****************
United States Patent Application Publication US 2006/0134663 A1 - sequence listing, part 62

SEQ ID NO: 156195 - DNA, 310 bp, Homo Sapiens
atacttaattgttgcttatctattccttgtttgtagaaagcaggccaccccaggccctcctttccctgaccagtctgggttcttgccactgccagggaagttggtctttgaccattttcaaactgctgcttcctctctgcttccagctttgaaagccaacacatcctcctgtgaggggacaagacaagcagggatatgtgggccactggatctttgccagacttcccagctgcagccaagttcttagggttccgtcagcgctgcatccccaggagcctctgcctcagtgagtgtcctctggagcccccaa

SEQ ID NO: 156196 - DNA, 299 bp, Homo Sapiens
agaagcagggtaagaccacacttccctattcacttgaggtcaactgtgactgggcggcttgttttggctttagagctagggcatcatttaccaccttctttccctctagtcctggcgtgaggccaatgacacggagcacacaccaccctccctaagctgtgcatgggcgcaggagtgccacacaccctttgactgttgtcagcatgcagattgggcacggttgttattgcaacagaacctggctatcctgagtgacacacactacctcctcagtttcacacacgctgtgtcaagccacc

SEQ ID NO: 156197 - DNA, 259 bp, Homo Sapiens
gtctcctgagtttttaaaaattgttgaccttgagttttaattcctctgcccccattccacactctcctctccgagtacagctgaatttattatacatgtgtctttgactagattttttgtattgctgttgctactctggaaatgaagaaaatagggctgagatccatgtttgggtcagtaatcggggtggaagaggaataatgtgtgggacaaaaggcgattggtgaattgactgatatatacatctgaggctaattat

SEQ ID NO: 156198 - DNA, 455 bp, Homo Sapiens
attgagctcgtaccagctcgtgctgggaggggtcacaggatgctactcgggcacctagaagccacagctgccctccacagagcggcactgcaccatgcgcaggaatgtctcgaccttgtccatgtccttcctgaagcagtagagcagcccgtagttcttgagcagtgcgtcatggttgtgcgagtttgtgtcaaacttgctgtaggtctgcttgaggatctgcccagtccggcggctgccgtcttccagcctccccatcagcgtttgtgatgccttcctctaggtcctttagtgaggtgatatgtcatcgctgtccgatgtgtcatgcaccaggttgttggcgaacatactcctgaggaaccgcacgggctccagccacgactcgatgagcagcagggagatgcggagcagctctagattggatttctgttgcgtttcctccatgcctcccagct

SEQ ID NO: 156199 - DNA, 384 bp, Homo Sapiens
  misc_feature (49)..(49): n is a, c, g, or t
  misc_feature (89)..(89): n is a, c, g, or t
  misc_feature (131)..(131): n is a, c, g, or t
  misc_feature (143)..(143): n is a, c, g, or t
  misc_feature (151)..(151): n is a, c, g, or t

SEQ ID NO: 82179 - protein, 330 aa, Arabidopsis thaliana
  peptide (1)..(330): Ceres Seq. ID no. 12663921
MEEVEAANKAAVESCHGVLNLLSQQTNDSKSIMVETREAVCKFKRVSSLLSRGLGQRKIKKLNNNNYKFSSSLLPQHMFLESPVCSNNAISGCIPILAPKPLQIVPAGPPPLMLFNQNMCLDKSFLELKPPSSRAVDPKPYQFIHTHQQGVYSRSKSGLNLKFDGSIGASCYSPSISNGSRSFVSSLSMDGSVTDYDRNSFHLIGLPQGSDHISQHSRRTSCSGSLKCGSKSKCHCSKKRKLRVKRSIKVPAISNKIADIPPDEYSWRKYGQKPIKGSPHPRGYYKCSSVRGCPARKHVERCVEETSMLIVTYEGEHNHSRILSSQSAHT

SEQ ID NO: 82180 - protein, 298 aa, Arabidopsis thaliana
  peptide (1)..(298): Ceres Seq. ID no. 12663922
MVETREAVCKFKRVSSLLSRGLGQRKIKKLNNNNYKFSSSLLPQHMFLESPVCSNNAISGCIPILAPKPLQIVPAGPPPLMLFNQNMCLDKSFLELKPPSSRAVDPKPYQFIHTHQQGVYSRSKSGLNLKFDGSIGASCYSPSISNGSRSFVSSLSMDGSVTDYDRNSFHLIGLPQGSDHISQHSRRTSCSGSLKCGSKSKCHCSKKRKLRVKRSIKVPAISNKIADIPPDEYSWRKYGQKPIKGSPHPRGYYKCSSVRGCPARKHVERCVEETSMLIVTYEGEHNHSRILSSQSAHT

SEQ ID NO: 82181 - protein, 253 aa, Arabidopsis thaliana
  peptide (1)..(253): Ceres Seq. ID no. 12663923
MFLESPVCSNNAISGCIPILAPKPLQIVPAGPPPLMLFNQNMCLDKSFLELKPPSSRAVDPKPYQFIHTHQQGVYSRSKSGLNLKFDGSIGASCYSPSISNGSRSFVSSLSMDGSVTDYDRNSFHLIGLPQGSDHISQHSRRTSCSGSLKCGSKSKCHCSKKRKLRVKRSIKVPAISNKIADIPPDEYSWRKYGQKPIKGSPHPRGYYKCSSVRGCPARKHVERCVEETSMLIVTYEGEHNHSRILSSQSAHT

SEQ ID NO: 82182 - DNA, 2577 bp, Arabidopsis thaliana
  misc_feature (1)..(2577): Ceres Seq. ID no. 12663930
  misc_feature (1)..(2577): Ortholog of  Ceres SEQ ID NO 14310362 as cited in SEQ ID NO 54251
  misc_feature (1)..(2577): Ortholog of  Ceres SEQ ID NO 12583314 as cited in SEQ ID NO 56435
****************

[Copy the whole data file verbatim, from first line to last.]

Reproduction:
United States Patent Application Publication US 2006/0134663 A1 - sequence listing, part 62

SEQ ID NO: 156195 - DNA, 310 bp, Homo Sapiens
atacttaattgttgcttatctattccttgtttgtagaaagcaggccaccccaggccctcctttccctgaccagtctgggttcttgccactgccagggaagttggtctttgaccattttcaaactgctgcttcctctctgcttccagctttgaaagccaacacatcctcctgtgaggggacaagacaagcagggatatgtgggccactggatctttgccagacttcccagctgcagccaagttcttagggttccgtcagcgctgcatccccaggagcctctgcctcagtgagtgtcctctggagcccccaa

SEQ ID NO: 156196 - DNA, 299 bp, Homo Sapiens
agaagcagggtaagaccacacttccctattcacttgaggtcaactgtgactgggcggcttgttttggctttagagctagggcatcatttaccaccttctttccctctagtcctggcgtgaggccaatgacacggagcacacaccaccctccctaagctgtgcatgggcgcaggagtgccacacaccctttgactgttgtcagcatgcagattgggcacggttgttattgcaacagaacctggctatcctgagtgacacacactacctcctcagtttcacacacgctgtgtcaagccacc

SEQ ID NO: 156197 - DNA, 259 bp, Homo Sapiens
gtctcctgagtttttaaaaattgttgaccttgagttttaattcctctgcccccattccacactctcctctccgagtacagctgaatttattatacatgtgtctttgactagattttttgtattgctgttgctactctggaaatgaagaaaatagggctgagatccatgtttgggtcagtaatcggggtggaagaggaataatgtgtgggacaaaaggcgattggtgaattgactgatatatacatctgaggctaattat

SEQ ID NO: 156198 - DNA, 455 bp, Homo Sapiens
attgagctcgtaccagctcgtgctgggaggggtcacaggatgctactcgggcacctagaagccacagctgccctccacagagcggcactgcaccatgcgcaggaatgtctcgaccttgtccatgtccttcctgaagcagtagagcagcccgtagttcttgagcagtgcgtcatggttgtgcgagtttgtgtcaaacttgctgtaggtctgcttgaggatctgcccagtccggcggctgccgtcttccagcctccccatcagcgtttgtgatgccttcctctaggtcctttagtgaggtgatatgtcatcgctgtccgatgtgtcatgcaccaggttgttggcgaacatactcctgaggaaccgcacgggctccagccacgactcgatgagcagcagggagatgcggagcagctctagattggatttctgttgcgtttcctccatgcctcccagct

SEQ ID NO: 156199 - DNA, 384 bp, Homo Sapiens
  misc_feature (49)..(49): n is a, c, g, or t
  misc_feature (89)..(89): n is a, c, g, or t
  misc_feature (131)..(131): n is a, c, g, or t
  misc_feature (143)..(143): n is a, c, g, or t
  misc_feature (151)..(151): n is a, c, g, or t

SEQ ID NO: 82179 - protein, 330 aa, Arabidopsis thaliana
  peptide (1)..(330): Ceres Seq. ID no. 12663921
MEEVEAANKAAVESCHGVLNLLSQQTNDSKSIMVETREAVCKFKRVSSLLSRGLGQRKIKKLNNNNYKFSSSLLPQHMFLESPVCSNNAISGCIPILAPKPLQIVPAGPPPLMLFNQNMCLDKSFLELKPPSSRAVDPKPYQFIHTHQQGVYSRSKSGLNLKFDGSIGASCYSPSISNGSRSFVSSLSMDGSVTDYDRNSFHLIGLPQGSDHISQHSRRTSCSGSLKCGSKSKCHCSKKRKLRVKRSIKVPAISNKIADIPPDEYSWRKYGQKPIKGSPHPRGYYKCSSVRGCPARKHVERCVEETSMLIVTYEGEHNHSRILSSQSAHT

SEQ ID NO: 82180 - protein, 298 aa, Arabidopsis thaliana
  peptide (1)..(298): Ceres Seq. ID no. 12663922
MVETREAVCKFKRVSSLLSRGLGQRKIKKLNNNNYKFSSSLLPQHMFLESPVCSNNAISGCIPILAPKPLQIVPAGPPPLMLFNQNMCLDKSFLELKPPSSRAVDPKPYQFIHTHQQGVYSRSKSGLNLKFDGSIGASCYSPSISNGSRSFVSSLSMDGSVTDYDRNSFHLIGLPQGSDHISQHSRRTSCSGSLKCGSKSKCHCSKKRKLRVKRSIKVPAISNKIADIPPDEYSWRKYGQKPIKGSPHPRGYYKCSSVRGCPARKHVERCVEETSMLIVTYEGEHNHSRILSSQSAHT

SEQ ID NO: 82181 - protein, 253 aa, Arabidopsis thaliana
  peptide (1)..(253): Ceres Seq. ID no. 12663923
MFLESPVCSNNAISGCIPILAPKPLQIVPAGPPPLMLFNQNMCLDKSFLELKPPSSRAVDPKPYQFIHTHQQGVYSRSKSGLNLKFDGSIGASCYSPSISNGSRSFVSSLSMDGSVTDYDRNSFHLIGLPQGSDHISQHSRRTSCSGSLKCGSKSKCHCSKKRKLRVKRSIKVPAISNKIADIPPDEYSWRKYGQKPIKGSPHPRGYYKCSSVRGCPARKHVERCVEETSMLIVTYEGEHNHSRILSSQSAHT

SEQ ID NO: 82182 - DNA, 2577 bp, Arabidopsis thaliana
  misc_feature (1)..(2577): Ceres Seq. ID no. 12663930
  misc_feature (1)..(2577): Ortholog of  Ceres SEQ ID NO 14310362 as cited in SEQ ID NO 54251
  misc_feature (1)..(2577): Ortholog of  Ceres SEQ ID NO 12583314 as cited in SEQ ID NO 56435